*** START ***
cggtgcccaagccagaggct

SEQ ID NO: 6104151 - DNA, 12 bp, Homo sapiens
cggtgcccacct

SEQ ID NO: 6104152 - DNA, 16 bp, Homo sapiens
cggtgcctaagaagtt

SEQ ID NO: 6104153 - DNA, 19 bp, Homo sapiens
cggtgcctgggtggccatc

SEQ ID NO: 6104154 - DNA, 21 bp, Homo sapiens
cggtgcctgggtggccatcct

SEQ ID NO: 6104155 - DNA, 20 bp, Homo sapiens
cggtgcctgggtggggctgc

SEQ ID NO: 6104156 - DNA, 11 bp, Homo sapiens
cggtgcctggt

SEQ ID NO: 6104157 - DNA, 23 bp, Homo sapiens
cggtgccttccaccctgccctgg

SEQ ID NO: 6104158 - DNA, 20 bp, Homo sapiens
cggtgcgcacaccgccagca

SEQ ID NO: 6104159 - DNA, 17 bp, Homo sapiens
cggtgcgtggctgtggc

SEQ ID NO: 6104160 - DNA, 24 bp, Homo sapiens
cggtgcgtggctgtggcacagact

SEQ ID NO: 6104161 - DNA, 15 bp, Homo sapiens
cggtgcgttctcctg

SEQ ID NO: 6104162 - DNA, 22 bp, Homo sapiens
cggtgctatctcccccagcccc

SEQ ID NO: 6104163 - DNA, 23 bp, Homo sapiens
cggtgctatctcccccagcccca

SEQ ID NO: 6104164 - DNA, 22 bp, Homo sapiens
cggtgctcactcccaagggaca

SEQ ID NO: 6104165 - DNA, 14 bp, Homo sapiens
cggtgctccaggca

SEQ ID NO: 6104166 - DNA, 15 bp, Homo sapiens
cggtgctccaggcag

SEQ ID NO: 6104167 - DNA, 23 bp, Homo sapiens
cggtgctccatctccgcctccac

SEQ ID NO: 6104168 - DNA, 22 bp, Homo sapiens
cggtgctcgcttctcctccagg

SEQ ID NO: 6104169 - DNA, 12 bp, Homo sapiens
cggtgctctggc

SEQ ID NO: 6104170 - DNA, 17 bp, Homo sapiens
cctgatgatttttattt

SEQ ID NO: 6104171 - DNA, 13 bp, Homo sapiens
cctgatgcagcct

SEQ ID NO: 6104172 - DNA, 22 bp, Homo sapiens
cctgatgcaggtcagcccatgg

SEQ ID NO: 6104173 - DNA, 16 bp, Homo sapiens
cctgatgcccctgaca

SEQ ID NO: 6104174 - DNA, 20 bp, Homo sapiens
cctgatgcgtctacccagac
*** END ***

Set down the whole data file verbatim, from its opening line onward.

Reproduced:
cggtgcccaagccagaggct

SEQ ID NO: 6104151 - DNA, 12 bp, Homo sapiens
cggtgcccacct

SEQ ID NO: 6104152 - DNA, 16 bp, Homo sapiens
cggtgcctaagaagtt

SEQ ID NO: 6104153 - DNA, 19 bp, Homo sapiens
cggtgcctgggtggccatc

SEQ ID NO: 6104154 - DNA, 21 bp, Homo sapiens
cggtgcctgggtggccatcct

SEQ ID NO: 6104155 - DNA, 20 bp, Homo sapiens
cggtgcctgggtggggctgc

SEQ ID NO: 6104156 - DNA, 11 bp, Homo sapiens
cggtgcctggt

SEQ ID NO: 6104157 - DNA, 23 bp, Homo sapiens
cggtgccttccaccctgccctgg

SEQ ID NO: 6104158 - DNA, 20 bp, Homo sapiens
cggtgcgcacaccgccagca

SEQ ID NO: 6104159 - DNA, 17 bp, Homo sapiens
cggtgcgtggctgtggc

SEQ ID NO: 6104160 - DNA, 24 bp, Homo sapiens
cggtgcgtggctgtggcacagact

SEQ ID NO: 6104161 - DNA, 15 bp, Homo sapiens
cggtgcgttctcctg

SEQ ID NO: 6104162 - DNA, 22 bp, Homo sapiens
cggtgctatctcccccagcccc

SEQ ID NO: 6104163 - DNA, 23 bp, Homo sapiens
cggtgctatctcccccagcccca

SEQ ID NO: 6104164 - DNA, 22 bp, Homo sapiens
cggtgctcactcccaagggaca

SEQ ID NO: 6104165 - DNA, 14 bp, Homo sapiens
cggtgctccaggca

SEQ ID NO: 6104166 - DNA, 15 bp, Homo sapiens
cggtgctccaggcag

SEQ ID NO: 6104167 - DNA, 23 bp, Homo sapiens
cggtgctccatctccgcctccac

SEQ ID NO: 6104168 - DNA, 22 bp, Homo sapiens
cggtgctcgcttctcctccagg

SEQ ID NO: 6104169 - DNA, 12 bp, Homo sapiens
cggtgctctggc

SEQ ID NO: 6104170 - DNA, 17 bp, Homo sapiens
cctgatgatttttattt

SEQ ID NO: 6104171 - DNA, 13 bp, Homo sapiens
cctgatgcagcct

SEQ ID NO: 6104172 - DNA, 22 bp, Homo sapiens
cctgatgcaggtcagcccatgg

SEQ ID NO: 6104173 - DNA, 16 bp, Homo sapiens
cctgatgcccctgaca

SEQ ID NO: 6104174 - DNA, 20 bp, Homo sapiens
cctgatgcgtctacccagac